Attention Deficit Hyperactivity Disorder (ADHD) is a well-recognized public health problem which spread like an epidemic in the past several decades. Some health care professionals argue that the rise of ADHD among children and adolescents is the result of inadequate diagnosis and social and educational environments (Newmark, 2015).
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The purpose of this quantitative study is to evaluate current clinical evidence on the value of different diagnostic tests of children and adolescents with ADHD in social and educational contexts, in order to answer the question of whether they should be routinely performed and whether there is a connection between diagnosis and societal pressure. The main issue regarding the assessment and diagnosis of children and adolescents with ADHD is the fact that current diagnostic tests might not be effective due to the influence of external factors such as social and educational context.
ADHD is the most common health condition which affects the well-being and academic performance of more than 6.4 million children in the US (Data & Statistics, 2016). Individuals who suffer from ADHD exhibit a number of behavioral problems: they are unable to concentrate on a single task for long, and report cases of restlessness, hyperactivity and in some cases anxiety (Wolraich, 2006, p. 87).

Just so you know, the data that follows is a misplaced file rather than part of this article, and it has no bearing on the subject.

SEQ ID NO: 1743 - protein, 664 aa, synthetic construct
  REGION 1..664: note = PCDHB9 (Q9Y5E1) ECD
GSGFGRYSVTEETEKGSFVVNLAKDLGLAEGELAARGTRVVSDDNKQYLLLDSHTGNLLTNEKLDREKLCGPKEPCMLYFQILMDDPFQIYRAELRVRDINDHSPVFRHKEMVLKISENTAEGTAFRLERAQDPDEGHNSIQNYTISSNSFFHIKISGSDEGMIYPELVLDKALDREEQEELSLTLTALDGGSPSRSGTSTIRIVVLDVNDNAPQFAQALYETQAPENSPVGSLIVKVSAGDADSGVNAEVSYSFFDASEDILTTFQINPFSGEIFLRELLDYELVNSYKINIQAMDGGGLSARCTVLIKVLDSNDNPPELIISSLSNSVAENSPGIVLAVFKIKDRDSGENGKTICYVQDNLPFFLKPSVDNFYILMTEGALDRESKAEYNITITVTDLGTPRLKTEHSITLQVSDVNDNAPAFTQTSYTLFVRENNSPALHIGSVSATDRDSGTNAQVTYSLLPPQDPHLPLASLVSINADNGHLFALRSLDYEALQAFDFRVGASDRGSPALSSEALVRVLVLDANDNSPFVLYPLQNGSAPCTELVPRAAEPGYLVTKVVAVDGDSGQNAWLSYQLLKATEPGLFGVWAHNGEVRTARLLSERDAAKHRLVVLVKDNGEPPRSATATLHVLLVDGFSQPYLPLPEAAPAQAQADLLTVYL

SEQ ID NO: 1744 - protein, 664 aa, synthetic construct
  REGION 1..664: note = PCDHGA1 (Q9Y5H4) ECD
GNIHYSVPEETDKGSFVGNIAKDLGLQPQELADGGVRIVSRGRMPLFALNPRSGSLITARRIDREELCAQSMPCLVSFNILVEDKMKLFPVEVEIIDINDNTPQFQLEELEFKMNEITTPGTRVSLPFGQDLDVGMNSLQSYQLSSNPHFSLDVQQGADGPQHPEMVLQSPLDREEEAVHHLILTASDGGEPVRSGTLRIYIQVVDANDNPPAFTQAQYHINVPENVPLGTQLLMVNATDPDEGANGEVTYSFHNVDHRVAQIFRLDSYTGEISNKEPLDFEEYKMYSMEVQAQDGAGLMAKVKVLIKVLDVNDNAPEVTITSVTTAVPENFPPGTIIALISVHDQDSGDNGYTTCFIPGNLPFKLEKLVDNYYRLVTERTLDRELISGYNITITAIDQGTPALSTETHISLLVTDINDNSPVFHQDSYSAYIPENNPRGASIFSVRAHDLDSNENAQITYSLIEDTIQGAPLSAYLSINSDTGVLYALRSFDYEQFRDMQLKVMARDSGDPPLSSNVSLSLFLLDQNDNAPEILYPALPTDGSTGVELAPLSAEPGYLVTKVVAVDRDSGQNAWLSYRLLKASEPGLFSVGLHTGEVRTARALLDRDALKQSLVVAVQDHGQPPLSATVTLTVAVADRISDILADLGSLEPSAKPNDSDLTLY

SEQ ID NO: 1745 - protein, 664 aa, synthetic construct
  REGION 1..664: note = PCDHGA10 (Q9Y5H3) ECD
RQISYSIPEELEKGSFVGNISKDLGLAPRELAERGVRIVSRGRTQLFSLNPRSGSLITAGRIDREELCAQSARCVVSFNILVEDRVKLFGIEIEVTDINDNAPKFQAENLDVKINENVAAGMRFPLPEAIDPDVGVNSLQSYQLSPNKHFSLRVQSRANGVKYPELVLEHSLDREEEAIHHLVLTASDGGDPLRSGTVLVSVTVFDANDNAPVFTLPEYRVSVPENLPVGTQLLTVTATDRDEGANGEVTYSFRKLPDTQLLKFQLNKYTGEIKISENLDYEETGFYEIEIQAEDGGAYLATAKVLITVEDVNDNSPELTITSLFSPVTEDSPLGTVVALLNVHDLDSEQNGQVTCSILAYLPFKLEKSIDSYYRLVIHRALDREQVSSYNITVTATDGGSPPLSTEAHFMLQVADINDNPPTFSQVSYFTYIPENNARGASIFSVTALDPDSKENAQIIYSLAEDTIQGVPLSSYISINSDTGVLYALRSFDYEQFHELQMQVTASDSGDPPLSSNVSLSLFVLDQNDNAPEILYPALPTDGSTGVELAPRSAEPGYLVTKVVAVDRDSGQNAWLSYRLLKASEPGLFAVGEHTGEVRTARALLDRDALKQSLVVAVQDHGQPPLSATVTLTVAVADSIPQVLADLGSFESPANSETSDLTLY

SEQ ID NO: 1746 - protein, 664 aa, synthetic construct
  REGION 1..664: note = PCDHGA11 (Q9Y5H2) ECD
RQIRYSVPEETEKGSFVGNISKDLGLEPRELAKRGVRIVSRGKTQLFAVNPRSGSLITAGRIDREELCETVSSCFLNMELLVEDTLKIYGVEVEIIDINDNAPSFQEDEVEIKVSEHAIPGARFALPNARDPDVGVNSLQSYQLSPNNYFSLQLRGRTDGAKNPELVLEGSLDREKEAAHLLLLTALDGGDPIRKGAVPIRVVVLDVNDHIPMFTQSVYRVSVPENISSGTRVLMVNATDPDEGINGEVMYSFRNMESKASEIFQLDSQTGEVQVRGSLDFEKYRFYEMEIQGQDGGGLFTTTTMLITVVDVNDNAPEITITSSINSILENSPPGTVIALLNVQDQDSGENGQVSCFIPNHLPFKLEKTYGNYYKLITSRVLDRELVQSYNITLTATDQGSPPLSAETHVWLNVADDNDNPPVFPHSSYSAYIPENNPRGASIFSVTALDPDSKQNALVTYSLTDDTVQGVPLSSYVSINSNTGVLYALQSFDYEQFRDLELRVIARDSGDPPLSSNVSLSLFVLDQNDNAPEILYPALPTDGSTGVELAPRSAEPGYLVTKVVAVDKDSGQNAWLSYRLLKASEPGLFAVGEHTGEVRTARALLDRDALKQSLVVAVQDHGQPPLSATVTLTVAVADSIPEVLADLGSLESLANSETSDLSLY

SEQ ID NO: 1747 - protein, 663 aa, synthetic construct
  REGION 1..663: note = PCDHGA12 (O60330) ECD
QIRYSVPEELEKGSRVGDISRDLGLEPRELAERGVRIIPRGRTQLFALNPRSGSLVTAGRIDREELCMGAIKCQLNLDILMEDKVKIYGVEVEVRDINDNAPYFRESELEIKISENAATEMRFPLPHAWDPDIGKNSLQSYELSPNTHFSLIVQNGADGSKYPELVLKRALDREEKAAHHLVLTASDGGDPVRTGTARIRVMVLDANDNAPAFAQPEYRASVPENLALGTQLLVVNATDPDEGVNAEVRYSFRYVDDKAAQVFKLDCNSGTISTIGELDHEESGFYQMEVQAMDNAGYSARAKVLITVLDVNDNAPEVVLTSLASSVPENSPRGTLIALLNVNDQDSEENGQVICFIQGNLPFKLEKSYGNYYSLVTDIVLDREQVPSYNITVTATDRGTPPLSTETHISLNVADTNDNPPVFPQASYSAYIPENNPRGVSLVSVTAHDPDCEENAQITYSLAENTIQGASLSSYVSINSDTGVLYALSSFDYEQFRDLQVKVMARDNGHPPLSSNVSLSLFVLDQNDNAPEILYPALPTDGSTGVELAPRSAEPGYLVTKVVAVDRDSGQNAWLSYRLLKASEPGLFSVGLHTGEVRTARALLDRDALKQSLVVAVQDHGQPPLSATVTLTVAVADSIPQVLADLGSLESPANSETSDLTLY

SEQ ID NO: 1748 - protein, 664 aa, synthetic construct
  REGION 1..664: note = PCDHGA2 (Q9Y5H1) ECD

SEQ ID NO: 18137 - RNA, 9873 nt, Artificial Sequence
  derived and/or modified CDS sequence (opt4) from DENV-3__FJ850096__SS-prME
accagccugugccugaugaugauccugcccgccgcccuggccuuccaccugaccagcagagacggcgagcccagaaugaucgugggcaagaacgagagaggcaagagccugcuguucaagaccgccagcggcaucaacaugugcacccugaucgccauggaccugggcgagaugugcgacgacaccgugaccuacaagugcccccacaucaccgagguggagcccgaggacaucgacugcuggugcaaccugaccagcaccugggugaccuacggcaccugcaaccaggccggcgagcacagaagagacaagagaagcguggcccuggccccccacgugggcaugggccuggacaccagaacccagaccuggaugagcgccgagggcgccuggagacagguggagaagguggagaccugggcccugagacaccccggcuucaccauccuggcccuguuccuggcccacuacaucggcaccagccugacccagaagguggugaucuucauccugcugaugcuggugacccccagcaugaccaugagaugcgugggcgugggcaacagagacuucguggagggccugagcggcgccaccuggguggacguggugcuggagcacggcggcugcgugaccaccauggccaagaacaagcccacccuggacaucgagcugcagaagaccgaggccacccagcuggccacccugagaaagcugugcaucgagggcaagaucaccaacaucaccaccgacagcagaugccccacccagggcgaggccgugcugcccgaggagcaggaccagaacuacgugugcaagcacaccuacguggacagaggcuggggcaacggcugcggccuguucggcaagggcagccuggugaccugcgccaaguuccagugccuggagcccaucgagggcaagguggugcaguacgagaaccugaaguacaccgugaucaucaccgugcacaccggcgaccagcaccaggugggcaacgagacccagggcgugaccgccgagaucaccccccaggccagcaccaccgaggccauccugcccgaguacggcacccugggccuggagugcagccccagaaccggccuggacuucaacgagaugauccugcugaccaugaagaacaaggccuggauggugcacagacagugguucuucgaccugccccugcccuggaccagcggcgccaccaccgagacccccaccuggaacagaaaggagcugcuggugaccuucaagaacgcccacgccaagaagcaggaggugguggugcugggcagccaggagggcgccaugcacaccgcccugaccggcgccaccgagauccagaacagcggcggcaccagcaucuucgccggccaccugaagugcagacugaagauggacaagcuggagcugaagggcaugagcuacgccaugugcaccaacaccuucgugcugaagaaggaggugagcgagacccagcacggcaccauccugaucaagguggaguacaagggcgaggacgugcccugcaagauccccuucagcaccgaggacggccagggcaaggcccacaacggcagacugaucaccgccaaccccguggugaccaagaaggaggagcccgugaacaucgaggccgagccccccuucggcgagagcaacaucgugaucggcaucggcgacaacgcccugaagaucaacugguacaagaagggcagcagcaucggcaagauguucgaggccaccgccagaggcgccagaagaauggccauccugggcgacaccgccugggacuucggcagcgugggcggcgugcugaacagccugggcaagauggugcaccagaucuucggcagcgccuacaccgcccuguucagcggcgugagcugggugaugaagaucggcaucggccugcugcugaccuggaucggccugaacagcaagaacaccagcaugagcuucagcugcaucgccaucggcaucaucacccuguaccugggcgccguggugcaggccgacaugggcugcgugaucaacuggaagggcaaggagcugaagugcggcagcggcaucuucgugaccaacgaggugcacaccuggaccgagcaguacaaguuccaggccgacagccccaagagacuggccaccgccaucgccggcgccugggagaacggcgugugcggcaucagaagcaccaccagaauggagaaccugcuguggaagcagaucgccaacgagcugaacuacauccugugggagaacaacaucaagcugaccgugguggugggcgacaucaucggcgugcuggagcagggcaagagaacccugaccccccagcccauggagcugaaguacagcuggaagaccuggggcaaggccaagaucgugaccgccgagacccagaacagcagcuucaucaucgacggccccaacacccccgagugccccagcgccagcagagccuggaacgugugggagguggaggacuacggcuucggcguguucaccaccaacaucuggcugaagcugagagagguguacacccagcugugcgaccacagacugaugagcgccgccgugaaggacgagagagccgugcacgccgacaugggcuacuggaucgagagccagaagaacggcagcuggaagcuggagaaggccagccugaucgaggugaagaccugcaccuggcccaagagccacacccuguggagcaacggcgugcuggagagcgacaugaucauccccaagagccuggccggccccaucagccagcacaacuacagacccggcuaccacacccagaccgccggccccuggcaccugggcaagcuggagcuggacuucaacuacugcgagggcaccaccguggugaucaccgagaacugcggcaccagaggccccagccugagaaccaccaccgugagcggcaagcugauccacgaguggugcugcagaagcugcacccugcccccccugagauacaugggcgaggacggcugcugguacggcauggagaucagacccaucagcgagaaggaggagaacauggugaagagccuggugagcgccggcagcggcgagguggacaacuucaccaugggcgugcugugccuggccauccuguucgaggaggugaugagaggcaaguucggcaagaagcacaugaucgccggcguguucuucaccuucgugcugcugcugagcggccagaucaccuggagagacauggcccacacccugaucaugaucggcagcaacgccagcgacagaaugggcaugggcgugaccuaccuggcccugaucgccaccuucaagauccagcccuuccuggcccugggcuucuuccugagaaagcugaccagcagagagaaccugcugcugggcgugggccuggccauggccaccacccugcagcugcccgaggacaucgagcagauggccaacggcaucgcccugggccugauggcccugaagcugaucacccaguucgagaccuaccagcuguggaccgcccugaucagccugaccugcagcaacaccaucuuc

Although this condition is not life-threatening, if left untreated, it significantly impacts the individual’s quality of life and frequently leads to other dangerous disorders such as substance abuse disorder (Wilens, 2004, p. 38).
In the past three decades, the number of patients diagnosed with ADHD increased three times (Data & Statistics, 2016). The main issue regarding the assessment and diagnosis of children with ADHD is the fact that the diagnosis is contextual. Some researchers argue that the application of current diagnostic tests might not represent the actual prevalence of ADHD due to societal pressure, in particular, the demands either parents or schools made on children.
For instance, such factors, as the age of the child within a grade, might have an impact on child behavior. The issue of improper diagnosis is particularly worrisome since many of these children and adolescents are prescribed psychostimulants to treat ADHD. It is necessary to apply the evidence-based approach to make informed diagnostic decisions. In order to provide a better quality diagnosis for children and adolescents with ADHD, medical professionals in charge of their care have to consult the current best evidence to improve the quality of health care.
Data & Statistics. (2016).
as little as 3 hours
Newmark, S. (2015). A True ADHD Epidemic or an Epidemic of Overdiagnosis?
Wilens, T. (2004). Impact of ADHD and Its Treatment on Substance Abuse in Adults. Journal of Clinical Psychiatry, 65, 38-45.
Wolraich, M. (2006). Attention-Deficit/Hyperactivity Disorder. Infants & Young Children, 19(2), 86-93.